The USDA is buying milk and giving it to food banks

Mitchell Hartman Aug 17, 2018
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Oatly, the Swedish maker of oat milk, will start selling shares to the public on Thursday, in an offering expected to value the company at $10 billion. The market for milk substitutes has been growing rapidly, with Nestle just releasing its own version made from peas. PHILIPPE HUGUEN/AFP/Getty Images

The USDA is buying milk and giving it to food banks

Mitchell Hartman Aug 17, 2018
Oatly, the Swedish maker of oat milk, will start selling shares to the public on Thursday, in an offering expected to value the company at $10 billion. The market for milk substitutes has been growing rapidly, with Nestle just releasing its own version made from peas. PHILIPPE HUGUEN/AFP/Getty Images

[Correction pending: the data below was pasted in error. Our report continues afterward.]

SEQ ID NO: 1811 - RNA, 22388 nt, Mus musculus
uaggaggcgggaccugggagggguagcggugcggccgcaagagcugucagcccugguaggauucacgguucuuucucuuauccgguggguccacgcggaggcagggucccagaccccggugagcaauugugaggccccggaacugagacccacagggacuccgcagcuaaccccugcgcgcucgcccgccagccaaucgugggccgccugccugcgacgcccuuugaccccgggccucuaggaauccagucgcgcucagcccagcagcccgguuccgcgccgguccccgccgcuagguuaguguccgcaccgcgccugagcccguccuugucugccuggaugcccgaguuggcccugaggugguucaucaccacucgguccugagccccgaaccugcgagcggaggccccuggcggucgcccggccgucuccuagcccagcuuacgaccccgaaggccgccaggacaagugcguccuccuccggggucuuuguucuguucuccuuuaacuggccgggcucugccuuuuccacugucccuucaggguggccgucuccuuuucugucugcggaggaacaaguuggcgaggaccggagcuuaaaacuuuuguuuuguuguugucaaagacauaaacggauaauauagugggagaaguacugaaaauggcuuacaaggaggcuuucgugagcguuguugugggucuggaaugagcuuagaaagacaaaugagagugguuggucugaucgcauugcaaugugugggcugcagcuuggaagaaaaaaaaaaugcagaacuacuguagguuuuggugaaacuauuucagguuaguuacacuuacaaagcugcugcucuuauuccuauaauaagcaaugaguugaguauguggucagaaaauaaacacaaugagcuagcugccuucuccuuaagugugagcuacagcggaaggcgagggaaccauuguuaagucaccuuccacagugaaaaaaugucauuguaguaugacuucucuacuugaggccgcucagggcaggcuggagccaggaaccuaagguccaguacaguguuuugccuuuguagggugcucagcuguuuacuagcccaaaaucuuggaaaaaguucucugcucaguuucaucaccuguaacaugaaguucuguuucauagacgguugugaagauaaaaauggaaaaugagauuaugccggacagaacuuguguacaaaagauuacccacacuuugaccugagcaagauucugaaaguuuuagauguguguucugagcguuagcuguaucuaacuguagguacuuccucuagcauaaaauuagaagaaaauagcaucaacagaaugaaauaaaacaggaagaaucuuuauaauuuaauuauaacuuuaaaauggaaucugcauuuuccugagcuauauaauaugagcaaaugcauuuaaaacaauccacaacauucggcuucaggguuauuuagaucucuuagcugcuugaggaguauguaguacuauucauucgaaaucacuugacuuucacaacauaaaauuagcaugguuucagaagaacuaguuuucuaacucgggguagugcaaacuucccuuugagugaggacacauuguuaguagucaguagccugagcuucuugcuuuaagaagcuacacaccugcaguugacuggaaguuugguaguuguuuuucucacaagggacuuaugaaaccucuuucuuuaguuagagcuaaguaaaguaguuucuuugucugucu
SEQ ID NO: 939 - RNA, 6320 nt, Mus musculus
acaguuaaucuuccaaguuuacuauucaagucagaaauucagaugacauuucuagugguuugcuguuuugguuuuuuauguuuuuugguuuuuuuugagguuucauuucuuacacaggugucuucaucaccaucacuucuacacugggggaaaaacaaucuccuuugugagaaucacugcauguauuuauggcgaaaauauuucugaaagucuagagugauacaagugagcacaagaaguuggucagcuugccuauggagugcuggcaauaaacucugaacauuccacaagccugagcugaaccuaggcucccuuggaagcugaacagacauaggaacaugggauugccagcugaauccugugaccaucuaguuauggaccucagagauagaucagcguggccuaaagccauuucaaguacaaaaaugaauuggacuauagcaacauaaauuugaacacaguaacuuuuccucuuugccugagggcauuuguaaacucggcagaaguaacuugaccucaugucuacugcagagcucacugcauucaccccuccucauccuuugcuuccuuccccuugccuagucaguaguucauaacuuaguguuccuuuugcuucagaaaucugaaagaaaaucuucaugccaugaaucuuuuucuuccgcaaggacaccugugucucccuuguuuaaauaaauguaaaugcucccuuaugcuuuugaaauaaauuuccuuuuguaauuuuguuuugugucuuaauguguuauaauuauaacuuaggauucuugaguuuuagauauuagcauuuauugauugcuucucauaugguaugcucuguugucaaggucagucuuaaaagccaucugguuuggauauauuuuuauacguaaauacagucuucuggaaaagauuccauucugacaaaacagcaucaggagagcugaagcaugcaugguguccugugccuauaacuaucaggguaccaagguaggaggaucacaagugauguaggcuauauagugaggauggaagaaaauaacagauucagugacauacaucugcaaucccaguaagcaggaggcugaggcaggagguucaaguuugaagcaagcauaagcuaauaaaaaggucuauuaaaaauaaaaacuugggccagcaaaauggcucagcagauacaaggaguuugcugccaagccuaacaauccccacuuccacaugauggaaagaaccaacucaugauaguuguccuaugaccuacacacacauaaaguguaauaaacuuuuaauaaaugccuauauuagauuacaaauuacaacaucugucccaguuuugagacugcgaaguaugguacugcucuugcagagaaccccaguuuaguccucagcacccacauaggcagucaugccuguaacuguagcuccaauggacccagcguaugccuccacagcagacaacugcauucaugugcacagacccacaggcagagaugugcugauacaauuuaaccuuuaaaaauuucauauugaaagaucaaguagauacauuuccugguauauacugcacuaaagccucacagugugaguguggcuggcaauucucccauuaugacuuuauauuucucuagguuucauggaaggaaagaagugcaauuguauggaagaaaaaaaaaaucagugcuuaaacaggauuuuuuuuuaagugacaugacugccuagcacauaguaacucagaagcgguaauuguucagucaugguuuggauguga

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For the first time ever, the U.S. Department of Agriculture will buy up milk from dairy farmers – $50 million worth. It’ll go to soup kitchens and food banks to help people in need. But the program also has another purely economic purpose: to help America’s struggling dairy producers. U.S. milk consumption has fallen more than 4 percent since last year, driven in part by shifting consumer preferences. Think of all those non-dairy milks, like almond and cashew, crowding store shelves. 

Agricultural economist Daniel Sumner at the University of California, Davis said the purchase is only a drop in the bucket. 

“How much can you move the needle on price buying one-tenth-of-one percent of milk?” Sumner said. “Not very much.” 

Click on the audio player above to hear more. 

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